Bendigo Community Health Services is home to more than 50 services and 250 staff. Take a journey through our organisation to learn more about our services and programs by meeting some of our wonderful staff through our blog Discovering BCHS…

MOST people know her as the friendly face at the front desk of Bendigo Community Health Services in Eaglehawk, but Jacinta Fleming has taken an interesting road to her current role.

“This is my first client services job,” she says of the position welcoming the hundreds of men, women and children who visit the medical and allied health centre every week.

“I was a rice tester initially.” Say what?

“It involves jumping on the back of big semis that come into the silos and putting a plunger tube into the rice to take a test and make sure there’s no moisture or burrs or foreign matter.

“If there’s too much moisture in the rice and it gets into the silos, it will set the whole lot off and make it go mouldy.”

Jacinta worked at rice storage silos situated at Caldwell, NSW, between Barham and her home town of Deniliquin.

After moving to Bendigo, she worked for over a decade at Hazeldene’s chicken farm before becoming a mother and cleaned the Allara Motel in White Hills while her kids were young.

She has now been at BCHS for almost six years and loves meeting and greeting clients and getting to know them.

“We have a lot of elderly clients and they love to have a chat,” she says.

“It’s not just about making appointments and attending to them and putting them in their seat, we try to be social and make our clients feel welcome and comfortable.

“It’s always lovely to see them. You also might see them down the street and they will wave to you and that’s quite nice.”

For the past year, Jacinta has also volunteered with the BCHS Community Connections dementia project – speaking directly to sufferers and their families to uncover their needs.

The project aims to increase the community’s capacity to deal with dementia by providing the support and services they actually require, rather than what others think might be useful.

Ironically, Jacinta’s father was diagnosed with early-onset dementia and agreed to be filmed talking about his experiences – though at the time she wasn’t fully across her dad’s situation.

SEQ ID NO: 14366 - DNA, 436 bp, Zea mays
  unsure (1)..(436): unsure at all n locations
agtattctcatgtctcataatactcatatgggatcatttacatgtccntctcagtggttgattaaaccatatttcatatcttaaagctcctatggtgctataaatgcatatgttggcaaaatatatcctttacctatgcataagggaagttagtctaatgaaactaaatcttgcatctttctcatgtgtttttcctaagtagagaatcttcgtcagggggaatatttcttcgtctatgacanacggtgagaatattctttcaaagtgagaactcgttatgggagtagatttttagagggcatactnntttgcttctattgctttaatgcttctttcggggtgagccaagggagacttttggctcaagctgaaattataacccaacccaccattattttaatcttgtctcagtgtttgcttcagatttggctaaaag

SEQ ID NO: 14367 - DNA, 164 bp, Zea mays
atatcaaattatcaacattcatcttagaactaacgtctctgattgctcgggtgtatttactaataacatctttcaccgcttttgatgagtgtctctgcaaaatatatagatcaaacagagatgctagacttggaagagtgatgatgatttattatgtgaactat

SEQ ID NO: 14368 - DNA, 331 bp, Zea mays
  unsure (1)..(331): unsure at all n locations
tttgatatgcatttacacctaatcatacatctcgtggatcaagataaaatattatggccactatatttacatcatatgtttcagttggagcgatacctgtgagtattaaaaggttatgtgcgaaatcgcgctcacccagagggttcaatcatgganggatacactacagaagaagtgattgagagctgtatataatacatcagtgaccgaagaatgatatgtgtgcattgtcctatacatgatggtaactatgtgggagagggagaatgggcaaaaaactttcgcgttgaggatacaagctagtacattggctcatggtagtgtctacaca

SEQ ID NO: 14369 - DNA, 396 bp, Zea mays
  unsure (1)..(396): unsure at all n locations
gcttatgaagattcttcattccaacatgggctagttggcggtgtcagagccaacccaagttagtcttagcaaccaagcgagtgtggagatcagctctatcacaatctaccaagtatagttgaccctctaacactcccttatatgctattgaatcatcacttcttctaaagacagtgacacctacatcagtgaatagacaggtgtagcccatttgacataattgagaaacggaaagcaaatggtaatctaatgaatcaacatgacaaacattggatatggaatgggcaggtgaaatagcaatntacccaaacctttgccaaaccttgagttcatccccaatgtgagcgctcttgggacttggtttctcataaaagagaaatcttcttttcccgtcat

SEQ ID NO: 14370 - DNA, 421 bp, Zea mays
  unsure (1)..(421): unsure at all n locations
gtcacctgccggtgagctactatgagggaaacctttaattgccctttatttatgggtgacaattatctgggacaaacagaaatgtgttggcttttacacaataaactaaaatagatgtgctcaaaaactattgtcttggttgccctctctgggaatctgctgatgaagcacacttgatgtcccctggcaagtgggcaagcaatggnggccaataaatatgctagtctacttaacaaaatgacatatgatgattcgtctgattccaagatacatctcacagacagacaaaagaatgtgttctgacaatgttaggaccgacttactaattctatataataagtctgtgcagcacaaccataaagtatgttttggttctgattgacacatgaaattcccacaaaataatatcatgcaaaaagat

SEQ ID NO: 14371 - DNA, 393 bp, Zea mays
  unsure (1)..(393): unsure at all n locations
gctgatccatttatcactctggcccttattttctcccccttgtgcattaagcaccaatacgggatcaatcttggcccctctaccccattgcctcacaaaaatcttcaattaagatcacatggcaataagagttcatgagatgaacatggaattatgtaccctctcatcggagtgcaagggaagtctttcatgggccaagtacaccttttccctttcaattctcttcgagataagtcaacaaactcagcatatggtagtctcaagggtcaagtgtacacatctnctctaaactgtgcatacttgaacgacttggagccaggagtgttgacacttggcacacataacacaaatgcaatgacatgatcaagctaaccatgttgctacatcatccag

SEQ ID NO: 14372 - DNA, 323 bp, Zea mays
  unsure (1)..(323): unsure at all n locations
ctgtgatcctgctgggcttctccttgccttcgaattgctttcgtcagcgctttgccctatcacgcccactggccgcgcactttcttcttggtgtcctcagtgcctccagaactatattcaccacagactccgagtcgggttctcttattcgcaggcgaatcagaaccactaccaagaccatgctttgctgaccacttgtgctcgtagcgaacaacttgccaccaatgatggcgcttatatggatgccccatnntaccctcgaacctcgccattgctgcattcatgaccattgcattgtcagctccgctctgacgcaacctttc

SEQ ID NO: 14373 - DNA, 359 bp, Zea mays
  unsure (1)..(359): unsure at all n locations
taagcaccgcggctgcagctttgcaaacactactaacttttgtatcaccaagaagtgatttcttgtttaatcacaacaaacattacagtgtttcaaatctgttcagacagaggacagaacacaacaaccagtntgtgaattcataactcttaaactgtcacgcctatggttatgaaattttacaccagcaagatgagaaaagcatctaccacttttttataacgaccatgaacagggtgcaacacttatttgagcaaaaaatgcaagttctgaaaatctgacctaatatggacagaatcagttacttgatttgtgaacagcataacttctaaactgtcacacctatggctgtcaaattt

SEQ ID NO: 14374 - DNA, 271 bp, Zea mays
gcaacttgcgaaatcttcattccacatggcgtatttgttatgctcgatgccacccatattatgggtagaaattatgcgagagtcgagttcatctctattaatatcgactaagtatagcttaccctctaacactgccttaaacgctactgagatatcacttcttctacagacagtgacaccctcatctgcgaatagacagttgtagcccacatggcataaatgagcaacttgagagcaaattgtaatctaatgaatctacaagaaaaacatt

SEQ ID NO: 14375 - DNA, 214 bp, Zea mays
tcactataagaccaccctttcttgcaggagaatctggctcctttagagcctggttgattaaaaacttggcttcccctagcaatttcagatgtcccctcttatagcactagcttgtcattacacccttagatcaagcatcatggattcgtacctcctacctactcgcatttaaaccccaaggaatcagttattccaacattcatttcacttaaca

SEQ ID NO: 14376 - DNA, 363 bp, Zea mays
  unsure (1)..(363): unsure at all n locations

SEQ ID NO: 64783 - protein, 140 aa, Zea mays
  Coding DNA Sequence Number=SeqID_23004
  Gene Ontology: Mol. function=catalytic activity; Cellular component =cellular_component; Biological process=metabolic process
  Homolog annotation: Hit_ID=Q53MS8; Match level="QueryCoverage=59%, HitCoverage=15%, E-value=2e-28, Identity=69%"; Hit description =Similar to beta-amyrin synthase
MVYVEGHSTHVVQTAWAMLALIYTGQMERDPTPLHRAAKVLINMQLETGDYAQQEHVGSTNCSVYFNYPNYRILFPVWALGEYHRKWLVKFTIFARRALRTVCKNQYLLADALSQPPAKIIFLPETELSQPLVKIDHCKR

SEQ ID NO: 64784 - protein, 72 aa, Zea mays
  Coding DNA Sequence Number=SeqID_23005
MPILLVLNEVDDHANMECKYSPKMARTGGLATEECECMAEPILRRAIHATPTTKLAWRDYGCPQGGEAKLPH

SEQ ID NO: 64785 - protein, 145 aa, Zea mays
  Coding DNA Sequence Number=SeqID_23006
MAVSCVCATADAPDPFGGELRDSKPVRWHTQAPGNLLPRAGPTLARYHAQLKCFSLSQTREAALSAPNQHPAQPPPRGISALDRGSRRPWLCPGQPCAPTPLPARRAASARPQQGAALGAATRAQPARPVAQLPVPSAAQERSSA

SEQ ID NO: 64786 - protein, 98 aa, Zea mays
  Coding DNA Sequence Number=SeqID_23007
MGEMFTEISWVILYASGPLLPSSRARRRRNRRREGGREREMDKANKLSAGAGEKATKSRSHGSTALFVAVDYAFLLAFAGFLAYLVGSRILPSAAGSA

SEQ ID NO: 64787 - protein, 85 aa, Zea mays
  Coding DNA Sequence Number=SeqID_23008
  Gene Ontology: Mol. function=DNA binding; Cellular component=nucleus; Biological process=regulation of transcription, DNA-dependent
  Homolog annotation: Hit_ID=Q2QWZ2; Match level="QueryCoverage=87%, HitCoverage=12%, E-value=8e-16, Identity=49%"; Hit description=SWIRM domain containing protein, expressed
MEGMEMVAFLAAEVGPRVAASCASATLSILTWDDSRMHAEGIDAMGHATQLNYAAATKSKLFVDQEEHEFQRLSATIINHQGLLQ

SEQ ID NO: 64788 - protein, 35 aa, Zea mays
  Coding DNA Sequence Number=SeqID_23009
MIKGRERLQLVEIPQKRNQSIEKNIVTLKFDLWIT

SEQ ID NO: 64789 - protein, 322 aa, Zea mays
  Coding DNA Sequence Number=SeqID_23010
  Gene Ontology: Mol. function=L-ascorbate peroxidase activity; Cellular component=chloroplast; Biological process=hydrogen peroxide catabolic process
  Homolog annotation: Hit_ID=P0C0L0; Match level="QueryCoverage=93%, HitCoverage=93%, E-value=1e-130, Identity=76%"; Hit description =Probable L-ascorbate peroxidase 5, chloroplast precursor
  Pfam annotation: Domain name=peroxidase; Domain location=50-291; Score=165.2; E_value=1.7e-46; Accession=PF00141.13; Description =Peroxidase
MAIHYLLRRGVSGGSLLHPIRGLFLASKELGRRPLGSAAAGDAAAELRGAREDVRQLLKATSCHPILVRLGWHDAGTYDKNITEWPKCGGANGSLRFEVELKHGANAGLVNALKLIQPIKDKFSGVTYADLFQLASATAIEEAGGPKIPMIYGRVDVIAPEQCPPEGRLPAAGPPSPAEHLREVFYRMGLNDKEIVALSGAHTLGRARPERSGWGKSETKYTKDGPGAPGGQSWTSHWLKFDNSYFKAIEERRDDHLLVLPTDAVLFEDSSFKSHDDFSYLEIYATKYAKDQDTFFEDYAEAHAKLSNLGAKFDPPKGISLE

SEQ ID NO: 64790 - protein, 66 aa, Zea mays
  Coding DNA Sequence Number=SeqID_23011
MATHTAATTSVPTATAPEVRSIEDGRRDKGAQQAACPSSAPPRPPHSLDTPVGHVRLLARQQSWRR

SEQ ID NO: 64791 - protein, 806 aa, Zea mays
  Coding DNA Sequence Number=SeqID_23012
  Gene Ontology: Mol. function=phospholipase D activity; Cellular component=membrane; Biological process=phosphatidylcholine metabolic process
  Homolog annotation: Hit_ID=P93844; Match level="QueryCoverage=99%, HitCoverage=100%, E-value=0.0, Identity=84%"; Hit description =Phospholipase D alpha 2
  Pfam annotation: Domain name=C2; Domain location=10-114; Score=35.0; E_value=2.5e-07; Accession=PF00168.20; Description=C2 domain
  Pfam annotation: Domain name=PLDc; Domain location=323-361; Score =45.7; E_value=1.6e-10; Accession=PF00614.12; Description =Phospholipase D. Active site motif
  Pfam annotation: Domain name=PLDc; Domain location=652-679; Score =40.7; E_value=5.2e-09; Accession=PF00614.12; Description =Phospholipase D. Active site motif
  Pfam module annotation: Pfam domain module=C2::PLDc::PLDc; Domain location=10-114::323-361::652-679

“He’d been diagnosed about four years ago, but he later told me it had been misdiagnosed and the forgetfulness was because of his medication, so I thought he didn’t have it any more.

“During the interview, I realised he really did have it and my jaw just about hit the floor.”

Jacinta says she has learnt so much about dementia and its effects from talking to those affected, and is now more confident about helping her own family through the journey ahead.

“I can give my family more information now than I could have a year ago. I talk to my dad about it now, about things that can and may happen. He might not remember down the track, but he remembers now so why not talk about it?

“You can’t push it to one side and pretend it’s not there, because it is something he has got and it is there. And I have more confidence speaking about it because I know so much more.”

Jacinta says she values the importance of community health, having seen people travel from all around Bendigo to seek affordable treatment and services at the Eaglehawk clinic.

Her job takes patience, understanding, and a great big dose of caring.

“You really have to care for everyone who walks in that front door - everyone is different, so you have to learn who they are and what they like, especially the regulars.

“You get to know their doctor too, so that when they call or come in, you don’t even have to ask who they need to see because you already know.”

Away from work, Jacinta is a big fan of Richmond in the AFL and Huntly in the Heathcote and District league. While she no longer plays netball for Huntly herself, she still helps organise the traditional Thursday night teas for all the footballers and netballers.

She also loves watching son James, 13, and daughter Emily, 10, on their sporting fields.

“We enjoy travelling, too, though we don’t go too far. Usually it is up to mum and dad’s at Deni, or camping for the weekend to get away from the hustle and bustle of everyday life.”